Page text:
The global embrace of digital currencies, driven significantly by Bitcoin, has come under scrutiny following a new United Nations study spotlighting the environmental detriments tied to cryptocurrency mining, extending beyond the often-cited carbon emissions to encompass water and land impacts. This study, conducted by the United Nations University Institute for Water, Environment and Health (UNU-INWEH), delves into the activities of 76 nations involved in Bitcoin mining over the span of 2020 to 2021, painting a concerning picture of environmental degradation.
Environmental Underpinnings of Bitcoin Mining
The research delineates a substantial carbon footprint as a result of global Bitcoin mining ventures, with a power consumption tally reaching 173.42 Terawatt hours during the aforementioned period. Analogously, if Bitcoin were a sovereign entity, its energy usage would surpass that of Pakistan—a nation hosting over 230 million inhabitants. The carbon emissions resultant from this energy expenditure are likened to the burning of 84 billion pounds of coal or the operational emissions from 190 natural gas-fired power plants. A reforestation effort involving the plantation of 3.9 billion trees, encapsulating an area akin to the Netherlands, Switzerland, or Denmark, would be necessitated to counterbalance this carbon footprint.
Bitcoin mining’s environmental exigencies extend to water resources, with the volume of water implicated in these operations enough to fill over 660,000 Olympic-sized swimming pools. This quantum of water could alternatively meet the domestic water requisites of over 300 million individuals residing in rural sub-Saharan Africa. The land area occupied by Bitcoin mining activities globally during this period is quantified as 1.4 times the expanse of Los Angeles.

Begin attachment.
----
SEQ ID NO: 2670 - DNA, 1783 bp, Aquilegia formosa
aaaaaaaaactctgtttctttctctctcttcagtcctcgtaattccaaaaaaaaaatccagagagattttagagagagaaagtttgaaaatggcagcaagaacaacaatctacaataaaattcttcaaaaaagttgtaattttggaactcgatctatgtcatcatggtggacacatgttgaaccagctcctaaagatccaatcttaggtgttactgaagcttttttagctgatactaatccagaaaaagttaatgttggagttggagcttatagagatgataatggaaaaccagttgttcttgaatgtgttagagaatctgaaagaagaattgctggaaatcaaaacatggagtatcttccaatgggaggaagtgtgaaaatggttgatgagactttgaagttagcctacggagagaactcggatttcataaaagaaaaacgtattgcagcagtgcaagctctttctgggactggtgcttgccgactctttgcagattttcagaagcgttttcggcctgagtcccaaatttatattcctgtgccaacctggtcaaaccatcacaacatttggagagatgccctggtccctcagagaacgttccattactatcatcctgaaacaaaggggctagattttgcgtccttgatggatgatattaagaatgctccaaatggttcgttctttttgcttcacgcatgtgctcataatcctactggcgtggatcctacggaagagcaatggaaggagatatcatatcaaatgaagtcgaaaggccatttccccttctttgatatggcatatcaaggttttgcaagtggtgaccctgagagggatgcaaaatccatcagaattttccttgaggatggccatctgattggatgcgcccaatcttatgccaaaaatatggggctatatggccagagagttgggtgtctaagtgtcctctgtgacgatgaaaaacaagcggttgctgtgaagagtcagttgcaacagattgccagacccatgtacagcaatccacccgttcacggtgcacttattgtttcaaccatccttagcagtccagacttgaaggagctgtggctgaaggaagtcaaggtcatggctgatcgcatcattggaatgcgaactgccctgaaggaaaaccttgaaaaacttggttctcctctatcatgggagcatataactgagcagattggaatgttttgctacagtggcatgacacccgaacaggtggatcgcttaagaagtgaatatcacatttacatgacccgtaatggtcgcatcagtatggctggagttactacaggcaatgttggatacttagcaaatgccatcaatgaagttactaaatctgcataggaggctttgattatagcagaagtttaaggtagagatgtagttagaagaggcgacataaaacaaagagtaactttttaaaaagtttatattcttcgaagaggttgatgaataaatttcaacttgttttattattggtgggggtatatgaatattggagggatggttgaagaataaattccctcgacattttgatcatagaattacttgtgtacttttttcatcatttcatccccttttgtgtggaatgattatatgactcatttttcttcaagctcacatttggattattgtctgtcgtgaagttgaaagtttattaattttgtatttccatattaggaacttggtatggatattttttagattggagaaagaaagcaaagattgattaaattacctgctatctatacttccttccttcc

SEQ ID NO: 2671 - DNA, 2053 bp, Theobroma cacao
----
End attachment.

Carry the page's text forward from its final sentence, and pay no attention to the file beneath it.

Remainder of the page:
Fossil Fuel Dependence and Geographical Disparities
The study accentuates the heavy reliance of Bitcoin mining on fossil fuels, with coal constituting 45% of the energy mix, trailed by natural gas at 21%. Despite hydropower’s categorization as a renewable energy source, its utilization in Bitcoin mining, meeting 16% of the electricity demand, carries notable water and environmental implications. Additionally, nuclear energy furnishes 9% of the electricity requisites, while solar and wind energy contribute a mere 2% and 5% respectively.
China, despite recent governmental interventions dropping its share in Bitcoin mining from 73% in 2020 to 21% in 2022, remains a predominant player, necessitating the plantation of about 2 billion trees to offset its carbon emissions from Bitcoin mining during 2020-2021. Following China, the United States, Kazakhstan, Russia, Malaysia, Canada, Germany, Iran, Ireland, and Singapore are identified as leading Bitcoin mining nations. The electricity price dichotomy, exemplified by Kazakhstan’s electricity pricing being threefold cheaper than the United States, underscores the financial allure of Bitcoin mining in nations with lower energy costs, albeit with a significant environmental toll.
Call for Regulatory and Technological Interventions
Professor Kaveh Madani, the Director of UNU-INWEH, and Dr. Sanaz Chamanara, the study’s lead author, underscore the pressing need for regulatory frameworks and technological innovations to ameliorate the environmental repercussions of Bitcoin mining. While digital currencies harbor the potential to revolutionize the global financial milieu, the environmental ramifications necessitate urgent attention to ensure a sustainable trajectory. The study advocates for the exploration of more energy-efficient digital currencies, and a cognizance of the transboundary and transgenerational impacts inherent in cryptocurrency mining activities.
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